"I'm perfectly content with the way it reads at this point," Zollett said.

Resolving towing disputes, Shields said, was going to take "some focus on the part of the police department, and Chief Harper has assured me that that's going to happen." And when Harper came to council's table shortly afterward to answer questions, he raised no concerns about the bill.

At several other council meetings, the dates to implement the ordinance were changed to give the city more time, but Shields said the administration was committed to having the system in place by early 2011.

All the measures passed the council unanimously and were signed by the mayor. 

Doven told PublicSource that Ravenstahl signed the original measure because he supported the idea behind the legislation. Thinking it would be revised later, she wrote, Ravenstahl "followed the will of council."

Doven says Councilor Bill Peduto offered to rework the ordinance and that Harper had been awaiting his proposed revisions.

However, Peduto, who is challenging Ravenstahl in this year's mayoral race, says the conversation ended when he asked Harper and Huss in March 2012 for specific problems with the bill and was not given an answer.

"I'm not going to go through the foolish exercise of introducing and passing a bill and then see the administration not do it again," he says.

Theresa Kail-Smith, who chairs council's Public Safety committee, did not return calls for comment.

Industry response

Nick Milanovich, manager at J.E. Stuckert Inc., says the Uptown-based towing company supported the business license.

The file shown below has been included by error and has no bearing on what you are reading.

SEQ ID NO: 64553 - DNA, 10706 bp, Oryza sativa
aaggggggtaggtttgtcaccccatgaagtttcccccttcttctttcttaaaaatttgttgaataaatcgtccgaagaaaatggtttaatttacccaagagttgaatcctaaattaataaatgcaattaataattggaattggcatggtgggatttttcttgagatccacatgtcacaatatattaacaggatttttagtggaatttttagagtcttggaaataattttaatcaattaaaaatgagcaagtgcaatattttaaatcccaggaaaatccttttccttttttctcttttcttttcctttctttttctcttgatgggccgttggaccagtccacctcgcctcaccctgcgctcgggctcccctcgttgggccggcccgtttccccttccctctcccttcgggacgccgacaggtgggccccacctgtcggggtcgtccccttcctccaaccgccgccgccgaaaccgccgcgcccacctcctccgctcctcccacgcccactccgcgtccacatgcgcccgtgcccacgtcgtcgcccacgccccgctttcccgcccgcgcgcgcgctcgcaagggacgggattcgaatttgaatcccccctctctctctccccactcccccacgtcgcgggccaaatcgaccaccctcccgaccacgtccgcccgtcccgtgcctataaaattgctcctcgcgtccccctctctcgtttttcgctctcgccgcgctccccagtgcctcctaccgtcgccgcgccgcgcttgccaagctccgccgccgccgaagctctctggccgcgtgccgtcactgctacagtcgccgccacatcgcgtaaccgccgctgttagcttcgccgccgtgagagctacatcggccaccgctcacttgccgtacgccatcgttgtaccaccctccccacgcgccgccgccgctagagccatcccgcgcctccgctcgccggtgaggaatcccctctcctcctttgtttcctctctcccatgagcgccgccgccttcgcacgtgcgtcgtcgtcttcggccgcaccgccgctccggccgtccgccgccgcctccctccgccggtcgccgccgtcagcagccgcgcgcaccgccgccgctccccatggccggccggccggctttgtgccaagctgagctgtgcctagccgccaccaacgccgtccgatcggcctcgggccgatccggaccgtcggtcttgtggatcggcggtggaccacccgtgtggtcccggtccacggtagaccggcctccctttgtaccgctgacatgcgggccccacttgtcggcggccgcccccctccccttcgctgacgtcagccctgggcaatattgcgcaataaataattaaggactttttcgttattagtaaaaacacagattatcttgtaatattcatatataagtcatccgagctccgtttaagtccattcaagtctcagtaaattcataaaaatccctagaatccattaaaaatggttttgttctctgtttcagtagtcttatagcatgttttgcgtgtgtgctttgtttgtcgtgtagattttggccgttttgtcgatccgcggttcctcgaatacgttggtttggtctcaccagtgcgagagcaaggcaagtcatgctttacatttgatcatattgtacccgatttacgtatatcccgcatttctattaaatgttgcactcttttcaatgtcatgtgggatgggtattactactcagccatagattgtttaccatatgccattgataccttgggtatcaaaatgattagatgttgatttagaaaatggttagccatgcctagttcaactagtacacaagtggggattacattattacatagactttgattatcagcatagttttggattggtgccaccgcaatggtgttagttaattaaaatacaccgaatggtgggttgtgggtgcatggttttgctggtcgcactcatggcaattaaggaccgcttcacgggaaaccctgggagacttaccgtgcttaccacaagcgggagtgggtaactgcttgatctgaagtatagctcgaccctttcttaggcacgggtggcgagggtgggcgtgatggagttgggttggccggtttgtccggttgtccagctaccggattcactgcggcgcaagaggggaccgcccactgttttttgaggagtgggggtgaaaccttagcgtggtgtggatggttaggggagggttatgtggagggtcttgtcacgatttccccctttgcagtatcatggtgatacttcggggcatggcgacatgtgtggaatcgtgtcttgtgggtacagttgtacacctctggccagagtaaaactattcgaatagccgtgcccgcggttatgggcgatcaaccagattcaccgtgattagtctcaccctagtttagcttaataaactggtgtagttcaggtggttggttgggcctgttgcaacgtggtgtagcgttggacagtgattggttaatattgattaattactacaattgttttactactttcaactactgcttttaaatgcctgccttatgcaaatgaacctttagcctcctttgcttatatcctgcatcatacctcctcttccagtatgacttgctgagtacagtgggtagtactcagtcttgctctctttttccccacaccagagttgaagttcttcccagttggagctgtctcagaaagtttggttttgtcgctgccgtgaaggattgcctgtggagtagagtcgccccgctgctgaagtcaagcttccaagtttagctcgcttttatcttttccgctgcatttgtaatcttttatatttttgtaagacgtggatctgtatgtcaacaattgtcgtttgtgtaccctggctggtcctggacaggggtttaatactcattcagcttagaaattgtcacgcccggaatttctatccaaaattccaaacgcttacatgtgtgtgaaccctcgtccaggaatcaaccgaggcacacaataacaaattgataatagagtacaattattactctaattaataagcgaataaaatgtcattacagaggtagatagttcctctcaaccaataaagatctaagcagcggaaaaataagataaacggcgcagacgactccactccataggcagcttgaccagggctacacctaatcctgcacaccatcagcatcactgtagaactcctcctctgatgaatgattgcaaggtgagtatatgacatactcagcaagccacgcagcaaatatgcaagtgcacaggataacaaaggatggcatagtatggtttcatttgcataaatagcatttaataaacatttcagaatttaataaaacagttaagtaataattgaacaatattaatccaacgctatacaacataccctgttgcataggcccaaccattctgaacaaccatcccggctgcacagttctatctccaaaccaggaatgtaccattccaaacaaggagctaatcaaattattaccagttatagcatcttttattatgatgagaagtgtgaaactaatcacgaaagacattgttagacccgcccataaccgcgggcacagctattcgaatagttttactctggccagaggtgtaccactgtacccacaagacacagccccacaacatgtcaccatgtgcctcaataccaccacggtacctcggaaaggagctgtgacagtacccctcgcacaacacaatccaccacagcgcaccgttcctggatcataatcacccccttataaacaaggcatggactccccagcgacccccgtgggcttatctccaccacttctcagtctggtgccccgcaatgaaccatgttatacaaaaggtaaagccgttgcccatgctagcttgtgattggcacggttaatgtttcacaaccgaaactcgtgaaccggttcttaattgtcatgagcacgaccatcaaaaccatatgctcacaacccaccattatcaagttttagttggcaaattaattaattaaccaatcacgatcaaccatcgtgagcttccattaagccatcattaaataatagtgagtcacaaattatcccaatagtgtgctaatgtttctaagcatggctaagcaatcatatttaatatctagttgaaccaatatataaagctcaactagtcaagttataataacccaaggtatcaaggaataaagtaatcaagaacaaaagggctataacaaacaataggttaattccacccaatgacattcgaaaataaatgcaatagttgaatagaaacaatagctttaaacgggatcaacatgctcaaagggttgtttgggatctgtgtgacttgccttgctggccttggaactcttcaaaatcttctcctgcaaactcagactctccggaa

"It would protect everybody," he says. "And it would make sure that everyone is on the same page with insurance and liabilities."

Joe Stickles, owner of Stickles Towing in Greenfield, says he supports a business license because it would help push out "fly-by-night" businesses that employ drivers without driver's licenses or proper insurance.

Having the law on the books, but not enacted, has created confusion for the industry, both men say.

Stickles says several vehicle-owners have questioned his drivers about whether they have a business license.

"We have to explain to them ... that it hasn't been implemented," Stickles says. "I tell them to call their local representative to ask about the situation."

Had the law been implemented back when Elliot Gerard dashed into Starbucks, for example, the tow-truck driver would have needed a request from the lot owner to remove the SUV. The Monroeville family also would have had a channel to complain about the towing company, and the city could review its practices.

Instead, the Gerards say they filed a police report, which they say went nowhere. 

City officials "put this law on the backburner because it wasn't important to them, but it was important to us and I'm sure it was important to a lot of others," says Alicia Gerard.

Peduto says his office receives calls by residents outraged by how they've been treated by towing companies.

"There really isn't a way to prevent it at this point," he says. "The idea of the ordinance was to get to the root cause. Without it, there's no mechanism in place to go after those operating illegally."

PublicSource, a nonprofit investigative news group in Pittsburgh, is a news partner of City Paper. Learn more at